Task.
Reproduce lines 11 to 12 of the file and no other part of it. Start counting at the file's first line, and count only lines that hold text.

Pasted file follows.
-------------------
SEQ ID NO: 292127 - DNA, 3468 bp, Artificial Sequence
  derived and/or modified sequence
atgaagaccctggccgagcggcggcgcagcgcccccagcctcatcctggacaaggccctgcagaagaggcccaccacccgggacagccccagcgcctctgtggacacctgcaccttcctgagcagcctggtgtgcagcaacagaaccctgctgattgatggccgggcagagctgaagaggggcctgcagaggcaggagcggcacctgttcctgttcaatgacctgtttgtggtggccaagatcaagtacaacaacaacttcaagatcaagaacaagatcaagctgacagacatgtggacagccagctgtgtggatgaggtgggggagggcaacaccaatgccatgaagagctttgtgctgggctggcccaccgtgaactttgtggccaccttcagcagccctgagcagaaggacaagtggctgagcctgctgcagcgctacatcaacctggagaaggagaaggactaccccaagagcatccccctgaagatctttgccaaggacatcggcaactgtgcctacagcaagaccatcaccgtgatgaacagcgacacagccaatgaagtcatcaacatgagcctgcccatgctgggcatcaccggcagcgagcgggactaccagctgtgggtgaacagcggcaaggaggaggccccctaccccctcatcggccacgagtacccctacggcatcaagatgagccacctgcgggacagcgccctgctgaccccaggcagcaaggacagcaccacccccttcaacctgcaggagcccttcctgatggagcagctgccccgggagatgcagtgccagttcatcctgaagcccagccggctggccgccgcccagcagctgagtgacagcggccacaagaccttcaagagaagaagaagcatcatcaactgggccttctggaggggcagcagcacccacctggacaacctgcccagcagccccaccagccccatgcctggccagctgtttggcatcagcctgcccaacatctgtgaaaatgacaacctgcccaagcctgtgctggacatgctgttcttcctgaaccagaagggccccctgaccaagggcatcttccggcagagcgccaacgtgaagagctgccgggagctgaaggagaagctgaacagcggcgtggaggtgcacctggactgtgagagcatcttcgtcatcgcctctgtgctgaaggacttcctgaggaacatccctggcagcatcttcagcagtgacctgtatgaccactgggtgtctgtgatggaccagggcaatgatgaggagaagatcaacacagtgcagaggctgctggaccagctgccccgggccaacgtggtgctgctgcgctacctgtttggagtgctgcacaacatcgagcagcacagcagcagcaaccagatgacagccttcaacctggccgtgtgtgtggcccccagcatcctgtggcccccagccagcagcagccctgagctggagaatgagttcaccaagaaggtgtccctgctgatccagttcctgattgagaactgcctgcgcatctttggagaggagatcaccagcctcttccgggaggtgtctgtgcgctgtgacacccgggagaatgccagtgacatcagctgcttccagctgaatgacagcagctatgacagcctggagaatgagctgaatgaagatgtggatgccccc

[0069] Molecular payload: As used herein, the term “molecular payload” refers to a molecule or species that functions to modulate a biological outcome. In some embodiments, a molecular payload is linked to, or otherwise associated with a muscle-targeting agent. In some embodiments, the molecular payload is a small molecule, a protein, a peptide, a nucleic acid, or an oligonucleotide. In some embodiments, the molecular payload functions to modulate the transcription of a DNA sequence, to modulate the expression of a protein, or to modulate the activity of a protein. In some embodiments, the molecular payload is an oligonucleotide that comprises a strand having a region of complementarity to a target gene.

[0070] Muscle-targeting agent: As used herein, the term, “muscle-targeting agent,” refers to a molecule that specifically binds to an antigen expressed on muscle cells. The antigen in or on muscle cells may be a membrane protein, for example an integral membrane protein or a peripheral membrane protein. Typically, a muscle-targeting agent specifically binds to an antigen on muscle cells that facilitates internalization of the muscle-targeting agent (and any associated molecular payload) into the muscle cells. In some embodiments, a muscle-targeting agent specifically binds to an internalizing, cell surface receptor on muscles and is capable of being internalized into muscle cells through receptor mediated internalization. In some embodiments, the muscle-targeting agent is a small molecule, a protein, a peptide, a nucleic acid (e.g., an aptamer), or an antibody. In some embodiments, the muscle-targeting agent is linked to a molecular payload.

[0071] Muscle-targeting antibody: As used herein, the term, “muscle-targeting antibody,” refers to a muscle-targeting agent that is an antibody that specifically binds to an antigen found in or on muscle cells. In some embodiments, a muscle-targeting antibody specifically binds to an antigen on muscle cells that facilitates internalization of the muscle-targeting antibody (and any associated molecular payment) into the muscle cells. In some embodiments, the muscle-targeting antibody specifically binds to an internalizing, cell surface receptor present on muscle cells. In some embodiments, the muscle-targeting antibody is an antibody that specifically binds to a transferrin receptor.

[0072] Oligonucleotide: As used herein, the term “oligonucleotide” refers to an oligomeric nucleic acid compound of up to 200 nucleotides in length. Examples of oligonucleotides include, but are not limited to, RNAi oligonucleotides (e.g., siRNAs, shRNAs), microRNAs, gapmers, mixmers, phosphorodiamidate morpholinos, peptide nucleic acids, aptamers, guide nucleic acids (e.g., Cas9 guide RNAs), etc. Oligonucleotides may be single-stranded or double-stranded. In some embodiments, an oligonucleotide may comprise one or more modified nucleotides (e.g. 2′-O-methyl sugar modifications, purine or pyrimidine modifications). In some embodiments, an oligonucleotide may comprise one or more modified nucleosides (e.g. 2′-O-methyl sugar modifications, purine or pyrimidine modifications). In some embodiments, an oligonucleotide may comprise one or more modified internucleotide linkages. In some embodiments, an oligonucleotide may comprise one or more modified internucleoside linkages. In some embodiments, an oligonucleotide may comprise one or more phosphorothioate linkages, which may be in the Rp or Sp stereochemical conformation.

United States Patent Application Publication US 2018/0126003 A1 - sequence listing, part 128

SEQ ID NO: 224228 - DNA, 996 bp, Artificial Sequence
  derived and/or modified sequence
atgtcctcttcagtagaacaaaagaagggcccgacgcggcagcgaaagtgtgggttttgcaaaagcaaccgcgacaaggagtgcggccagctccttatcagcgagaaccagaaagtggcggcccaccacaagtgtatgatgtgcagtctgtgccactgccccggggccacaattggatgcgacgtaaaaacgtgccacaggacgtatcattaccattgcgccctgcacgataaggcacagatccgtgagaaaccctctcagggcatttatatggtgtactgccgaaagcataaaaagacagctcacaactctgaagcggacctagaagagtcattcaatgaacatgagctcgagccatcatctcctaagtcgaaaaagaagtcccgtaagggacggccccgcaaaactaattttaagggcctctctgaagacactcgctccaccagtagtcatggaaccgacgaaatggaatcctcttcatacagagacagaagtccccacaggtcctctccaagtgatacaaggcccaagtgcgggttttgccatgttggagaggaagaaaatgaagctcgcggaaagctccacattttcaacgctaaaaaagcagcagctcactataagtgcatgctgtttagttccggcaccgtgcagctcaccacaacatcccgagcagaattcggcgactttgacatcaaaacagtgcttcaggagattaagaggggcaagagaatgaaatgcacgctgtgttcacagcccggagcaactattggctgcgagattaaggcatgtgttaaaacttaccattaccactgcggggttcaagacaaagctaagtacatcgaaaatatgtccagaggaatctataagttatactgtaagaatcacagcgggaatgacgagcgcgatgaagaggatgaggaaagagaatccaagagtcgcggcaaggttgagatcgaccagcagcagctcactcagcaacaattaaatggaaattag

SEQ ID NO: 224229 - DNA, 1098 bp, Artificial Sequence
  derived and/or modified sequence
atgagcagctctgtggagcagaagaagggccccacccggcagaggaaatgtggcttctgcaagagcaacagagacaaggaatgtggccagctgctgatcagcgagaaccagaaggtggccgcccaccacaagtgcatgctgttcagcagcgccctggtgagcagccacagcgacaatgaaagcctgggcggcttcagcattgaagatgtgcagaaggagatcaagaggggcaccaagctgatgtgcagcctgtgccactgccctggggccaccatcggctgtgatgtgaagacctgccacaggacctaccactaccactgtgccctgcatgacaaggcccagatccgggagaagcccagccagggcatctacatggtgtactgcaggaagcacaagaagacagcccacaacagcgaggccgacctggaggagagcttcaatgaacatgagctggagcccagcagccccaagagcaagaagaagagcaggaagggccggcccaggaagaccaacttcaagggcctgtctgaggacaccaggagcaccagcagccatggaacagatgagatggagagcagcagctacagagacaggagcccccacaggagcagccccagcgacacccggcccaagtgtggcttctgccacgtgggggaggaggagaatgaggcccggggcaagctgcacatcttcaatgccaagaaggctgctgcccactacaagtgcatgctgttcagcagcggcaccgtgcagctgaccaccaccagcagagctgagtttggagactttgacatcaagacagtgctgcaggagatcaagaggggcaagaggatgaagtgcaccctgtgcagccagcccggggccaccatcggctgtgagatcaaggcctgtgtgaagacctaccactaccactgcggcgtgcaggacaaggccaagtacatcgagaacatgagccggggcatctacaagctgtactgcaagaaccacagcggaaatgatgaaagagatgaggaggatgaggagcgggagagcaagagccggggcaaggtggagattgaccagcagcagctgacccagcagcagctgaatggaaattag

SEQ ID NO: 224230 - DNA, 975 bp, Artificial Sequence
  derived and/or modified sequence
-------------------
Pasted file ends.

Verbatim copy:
atgtcctcttcagtagaacaaaagaagggcccgacgcggcagcgaaagtgtgggttttgcaaaagcaaccgcgacaaggagtgcggccagctccttatcagcgagaaccagaaagtggcggcccaccacaagtgtatgatgtgcagtctgtgccactgccccggggccacaattggatgcgacgtaaaaacgtgccacaggacgtatcattaccattgcgccctgcacgataaggcacagatccgtgagaaaccctctcagggcatttatatggtgtactgccgaaagcataaaaagacagctcacaactctgaagcggacctagaagagtcattcaatgaacatgagctcgagccatcatctcctaagtcgaaaaagaagtcccgtaagggacggccccgcaaaactaattttaagggcctctctgaagacactcgctccaccagtagtcatggaaccgacgaaatggaatcctcttcatacagagacagaagtccccacaggtcctctccaagtgatacaaggcccaagtgcgggttttgccatgttggagaggaagaaaatgaagctcgcggaaagctccacattttcaacgctaaaaaagcagcagctcactataagtgcatgctgtttagttccggcaccgtgcagctcaccacaacatcccgagcagaattcggcgactttgacatcaaaacagtgcttcaggagattaagaggggcaagagaatgaaatgcacgctgtgttcacagcccggagcaactattggctgcgagattaaggcatgtgttaaaacttaccattaccactgcggggttcaagacaaagctaagtacatcgaaaatatgtccagaggaatctataagttatactgtaagaatcacagcgggaatgacgagcgcgatgaagaggatgaggaaagagaatccaagagtcgcggcaaggttgagatcgaccagcagcagctcactcagcaacaattaaatggaaattag

SEQ ID NO: 224229 - DNA, 1098 bp, Artificial Sequence